Estate planning was never just about taxes

One outcome of the 2013 tax code changes is U.S. citizens can leave up to $5.25 million free of estate taxes if they pass away in 2013. This $5.25 million exemption amount is automatically adjusted for inflation each year. Married couples can leave up to $10.5 million free of estate tax to the next generation. As a result, for most people, estate tax issues are no longer a concern. This reduction in potential taxes does not reduce the need for estate planning. Estate planning was never just about taxes.

One goal of estate planning is to make sure assets are available for the desired parties at the desired times. Accomplishing this goal is driven by factors unrelated to whether a potential estate tax applies or not. The flow of assets in one’s estate is dictated by three things: designations, ownership, and provisions.

…for most people, estate tax issues are no longer a concern. This reduction in potential taxes does not reduce the need for estate planning.”


Many types of accounts allow the account owner to name beneficiaries. Making beneficiary designations is a routine part of setting up IRA, 401(k), 403(b) and other retirement accounts. They are also a standard part of life insurance and annuity contracts. What many do not realize is that the named beneficiary of such accounts receives those funds outside of the probate process, regardless of what the owner’s will or trust may designate. For this reason, it is essential to keep your beneficiary designations up-to-date and aligned with your wishes. For example, if your will designates you leaving everything to your daughter, but your son is named as primary beneficiary, he will be entitled to those funds.


How an asset is titled controls how it is treated. Similar to how beneficiary designations dictate who inherits assets, those owned “joint with rights of survivorship” become the surviving owner’s assets by operation of law upon a death, regardless of what one’s will or trust may dictate. It can seem like a simple way to avoid probate, but putting one’s child on as a joint owner can disinherit all other children of the owner and expose the parent’s money to the claims of the children’s creditors.

Accounts owned individually without a beneficiary designation go through probate. These accounts then are subject to the terms of the deceased’s will and become public record.  They are also exposed to the costs and delays that give probate an unflattering reputation. Many people take the time to create trusts to control the disbursement of their assets, avoid probate, and make management of their affairs easier should they become incapacitated. However, the only assets subject to such treatment are those actually titled in the name of the trust.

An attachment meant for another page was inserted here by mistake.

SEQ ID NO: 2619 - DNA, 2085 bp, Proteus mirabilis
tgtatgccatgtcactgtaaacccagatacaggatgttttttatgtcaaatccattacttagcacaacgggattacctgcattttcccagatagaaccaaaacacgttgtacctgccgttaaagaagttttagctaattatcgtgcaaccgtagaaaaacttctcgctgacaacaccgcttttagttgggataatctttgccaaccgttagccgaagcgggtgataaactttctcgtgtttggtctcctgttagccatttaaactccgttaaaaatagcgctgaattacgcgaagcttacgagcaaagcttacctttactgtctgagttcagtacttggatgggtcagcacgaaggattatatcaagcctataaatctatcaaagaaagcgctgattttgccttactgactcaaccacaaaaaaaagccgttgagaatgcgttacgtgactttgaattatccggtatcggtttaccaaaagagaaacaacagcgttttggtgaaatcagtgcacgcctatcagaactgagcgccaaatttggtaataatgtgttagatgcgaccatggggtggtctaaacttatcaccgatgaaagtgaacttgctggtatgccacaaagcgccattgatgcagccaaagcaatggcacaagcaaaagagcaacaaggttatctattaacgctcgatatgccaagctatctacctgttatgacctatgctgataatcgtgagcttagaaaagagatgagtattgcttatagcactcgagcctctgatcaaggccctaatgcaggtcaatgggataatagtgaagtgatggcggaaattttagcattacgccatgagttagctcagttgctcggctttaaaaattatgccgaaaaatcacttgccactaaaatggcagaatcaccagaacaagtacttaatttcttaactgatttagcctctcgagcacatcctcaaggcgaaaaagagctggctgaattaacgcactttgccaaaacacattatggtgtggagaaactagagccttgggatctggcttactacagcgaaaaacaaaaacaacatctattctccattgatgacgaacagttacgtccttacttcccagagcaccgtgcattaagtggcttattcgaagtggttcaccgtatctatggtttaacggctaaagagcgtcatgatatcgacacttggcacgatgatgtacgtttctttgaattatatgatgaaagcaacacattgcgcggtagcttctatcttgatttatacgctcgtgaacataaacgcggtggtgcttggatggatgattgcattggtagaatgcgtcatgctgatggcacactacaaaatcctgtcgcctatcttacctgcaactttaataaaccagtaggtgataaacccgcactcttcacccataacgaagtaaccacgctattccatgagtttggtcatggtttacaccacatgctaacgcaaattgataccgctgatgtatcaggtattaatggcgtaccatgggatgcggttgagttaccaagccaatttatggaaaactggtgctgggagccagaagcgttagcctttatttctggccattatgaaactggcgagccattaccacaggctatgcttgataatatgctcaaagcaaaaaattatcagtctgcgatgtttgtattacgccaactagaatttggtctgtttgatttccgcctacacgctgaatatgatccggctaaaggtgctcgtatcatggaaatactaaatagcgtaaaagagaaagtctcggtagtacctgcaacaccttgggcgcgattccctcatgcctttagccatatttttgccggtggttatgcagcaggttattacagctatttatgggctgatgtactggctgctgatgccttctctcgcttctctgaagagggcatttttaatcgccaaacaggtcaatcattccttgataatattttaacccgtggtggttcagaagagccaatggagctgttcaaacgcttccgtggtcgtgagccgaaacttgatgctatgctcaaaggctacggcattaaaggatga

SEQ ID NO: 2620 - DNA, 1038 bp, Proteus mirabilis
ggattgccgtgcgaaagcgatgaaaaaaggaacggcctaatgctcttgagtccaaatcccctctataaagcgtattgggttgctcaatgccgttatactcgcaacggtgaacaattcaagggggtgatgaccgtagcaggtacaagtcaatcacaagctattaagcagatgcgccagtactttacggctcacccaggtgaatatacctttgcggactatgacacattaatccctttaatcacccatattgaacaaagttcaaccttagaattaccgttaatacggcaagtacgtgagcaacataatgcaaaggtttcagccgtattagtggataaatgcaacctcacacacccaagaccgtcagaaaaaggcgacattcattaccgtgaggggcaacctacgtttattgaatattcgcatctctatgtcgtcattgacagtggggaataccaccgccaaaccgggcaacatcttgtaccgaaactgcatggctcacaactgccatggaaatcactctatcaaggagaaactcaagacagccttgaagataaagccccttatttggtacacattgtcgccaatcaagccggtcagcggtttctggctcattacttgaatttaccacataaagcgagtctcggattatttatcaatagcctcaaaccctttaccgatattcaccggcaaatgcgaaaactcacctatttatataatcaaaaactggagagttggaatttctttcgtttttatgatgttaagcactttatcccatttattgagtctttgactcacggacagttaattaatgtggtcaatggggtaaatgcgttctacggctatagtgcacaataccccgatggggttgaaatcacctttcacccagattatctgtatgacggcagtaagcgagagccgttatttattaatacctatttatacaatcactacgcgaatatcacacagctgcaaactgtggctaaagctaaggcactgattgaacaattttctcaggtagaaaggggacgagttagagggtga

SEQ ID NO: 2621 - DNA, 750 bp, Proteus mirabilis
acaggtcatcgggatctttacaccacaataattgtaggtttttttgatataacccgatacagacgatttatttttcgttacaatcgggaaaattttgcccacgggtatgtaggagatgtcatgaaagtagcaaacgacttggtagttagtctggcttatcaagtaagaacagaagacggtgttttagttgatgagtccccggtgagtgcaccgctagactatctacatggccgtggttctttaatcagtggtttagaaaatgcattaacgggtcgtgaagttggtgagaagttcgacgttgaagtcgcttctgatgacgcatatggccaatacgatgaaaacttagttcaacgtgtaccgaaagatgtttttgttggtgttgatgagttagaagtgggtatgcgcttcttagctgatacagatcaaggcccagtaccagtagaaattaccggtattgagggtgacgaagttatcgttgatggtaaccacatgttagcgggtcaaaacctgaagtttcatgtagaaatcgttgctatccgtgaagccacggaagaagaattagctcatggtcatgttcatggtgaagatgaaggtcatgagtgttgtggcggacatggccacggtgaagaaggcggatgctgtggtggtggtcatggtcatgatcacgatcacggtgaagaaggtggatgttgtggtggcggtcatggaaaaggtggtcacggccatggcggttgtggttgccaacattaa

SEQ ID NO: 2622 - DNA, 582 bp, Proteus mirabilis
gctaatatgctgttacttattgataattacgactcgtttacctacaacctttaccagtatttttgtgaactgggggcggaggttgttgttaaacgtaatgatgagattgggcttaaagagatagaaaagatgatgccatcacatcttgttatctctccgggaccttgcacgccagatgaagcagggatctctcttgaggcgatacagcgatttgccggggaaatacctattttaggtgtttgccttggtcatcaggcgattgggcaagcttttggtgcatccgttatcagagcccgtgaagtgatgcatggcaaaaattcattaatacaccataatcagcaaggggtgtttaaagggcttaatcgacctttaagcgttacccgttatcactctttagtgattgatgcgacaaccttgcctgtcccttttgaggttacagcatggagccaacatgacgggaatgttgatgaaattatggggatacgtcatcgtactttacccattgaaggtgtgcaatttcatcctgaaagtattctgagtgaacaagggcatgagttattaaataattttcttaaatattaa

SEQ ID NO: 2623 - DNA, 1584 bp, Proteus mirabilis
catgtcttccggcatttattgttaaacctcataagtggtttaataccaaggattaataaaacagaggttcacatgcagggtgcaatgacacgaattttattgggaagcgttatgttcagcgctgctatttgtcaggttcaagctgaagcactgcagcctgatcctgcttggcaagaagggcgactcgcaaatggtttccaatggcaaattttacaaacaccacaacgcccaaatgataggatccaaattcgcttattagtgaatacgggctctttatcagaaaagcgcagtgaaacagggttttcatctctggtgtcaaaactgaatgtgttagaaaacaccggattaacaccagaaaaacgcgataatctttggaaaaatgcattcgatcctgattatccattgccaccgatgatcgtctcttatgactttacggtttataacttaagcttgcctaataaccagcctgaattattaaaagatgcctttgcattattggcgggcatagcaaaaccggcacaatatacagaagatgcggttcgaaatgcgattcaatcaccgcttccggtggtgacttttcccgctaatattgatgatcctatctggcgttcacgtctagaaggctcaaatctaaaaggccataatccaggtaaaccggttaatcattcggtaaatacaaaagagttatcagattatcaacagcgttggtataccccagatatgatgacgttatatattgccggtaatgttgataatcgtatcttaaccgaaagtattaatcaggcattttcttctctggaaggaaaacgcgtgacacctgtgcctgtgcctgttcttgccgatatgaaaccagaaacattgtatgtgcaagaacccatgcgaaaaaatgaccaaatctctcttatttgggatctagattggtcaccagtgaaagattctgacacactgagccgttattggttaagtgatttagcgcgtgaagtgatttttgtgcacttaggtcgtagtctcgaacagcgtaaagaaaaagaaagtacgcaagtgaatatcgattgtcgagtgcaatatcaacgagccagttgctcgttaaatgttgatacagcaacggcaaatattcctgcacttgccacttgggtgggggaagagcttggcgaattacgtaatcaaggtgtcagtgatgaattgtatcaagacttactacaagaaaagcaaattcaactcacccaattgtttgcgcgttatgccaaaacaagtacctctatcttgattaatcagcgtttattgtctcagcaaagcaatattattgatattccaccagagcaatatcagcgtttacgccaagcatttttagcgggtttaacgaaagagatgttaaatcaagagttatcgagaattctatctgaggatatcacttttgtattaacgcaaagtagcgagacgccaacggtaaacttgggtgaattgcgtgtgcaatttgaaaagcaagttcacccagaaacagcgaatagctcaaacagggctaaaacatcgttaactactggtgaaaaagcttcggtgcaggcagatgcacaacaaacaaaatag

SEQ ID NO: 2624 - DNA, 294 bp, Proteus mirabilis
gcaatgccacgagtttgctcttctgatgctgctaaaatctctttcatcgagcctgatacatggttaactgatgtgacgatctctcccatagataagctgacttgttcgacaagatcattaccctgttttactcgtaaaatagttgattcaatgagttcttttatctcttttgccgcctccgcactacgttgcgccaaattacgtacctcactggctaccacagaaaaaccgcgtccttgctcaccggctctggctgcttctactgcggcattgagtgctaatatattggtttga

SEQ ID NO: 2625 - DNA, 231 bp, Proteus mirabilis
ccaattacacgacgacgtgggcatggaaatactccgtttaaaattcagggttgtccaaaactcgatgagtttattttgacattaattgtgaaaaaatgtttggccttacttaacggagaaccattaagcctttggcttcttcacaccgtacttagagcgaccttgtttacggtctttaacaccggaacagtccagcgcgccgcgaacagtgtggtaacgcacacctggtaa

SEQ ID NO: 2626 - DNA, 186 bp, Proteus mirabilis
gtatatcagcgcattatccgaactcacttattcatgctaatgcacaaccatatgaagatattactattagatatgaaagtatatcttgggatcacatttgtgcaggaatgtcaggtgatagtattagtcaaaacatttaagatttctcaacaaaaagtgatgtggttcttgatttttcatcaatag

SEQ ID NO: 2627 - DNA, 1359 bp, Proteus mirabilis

Even when assets are titled correctly, it is important to revisit the provisions in one’s will, trusts, powers of attorney, living will, and health care surrogate. Sometimes, the people named in these documents to receive funds or make decisions fall ill, die, marry, divorce, get into financial or legal trouble, become more mature, or have children and grandchildren. As life situations change, the particular provisions of one’s estate planning documents may no longer fit the situation making an update important.

Are you confident your documents reflect your wishes? We would be happy to review your plans with you.

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Moisand Fitzgerald Tamayo, LLC is an Orlando, Tampa and Melbourne, Florida based fee-only financial planner serving central Florida and clients across the country. Moisand Fitzgerald Tamayo, LLC specializes in providing objective financial planning, retirement planning, and investment management to help clients build, manage, grow, and protect their assets through all phases of one’s life and the many transitions in between. If you have any questions or would like to discuss anything further, please give us a call or send us a note. If you are not a client and wish to receive emails notifying you of new posts – no more than once per month – fill out the subscription information in the sidebar to the right. For more frequent updates, follow us on FacebookLinkedIn, or Twitter.  

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About Dan Moisand

Dan Moisand is a fee-only financial advisor with Moisand Fitzgerald Tamayo, LLC. He is a regular contributor for multiple outlets, including Florida Today, MarketWatch, and The Wall Street Journal. His writing and financial advice have also been featured in Financial Planning, Investment Advisor, Wealth Manager/Advising Boomers, Forbes, Smart Money, and The New York Times, among other publications. He is the only two-time winner of the Journal of Financial Planning’s “Call for Papers” competition and has been named a top financial planner and advisor by multiple publications. Investment News named Dan one of the “twenty most influential men and women” in the history of financial planning. He currently serves on the Board of Directors for the CFP (Certified Financial Planner) Board.


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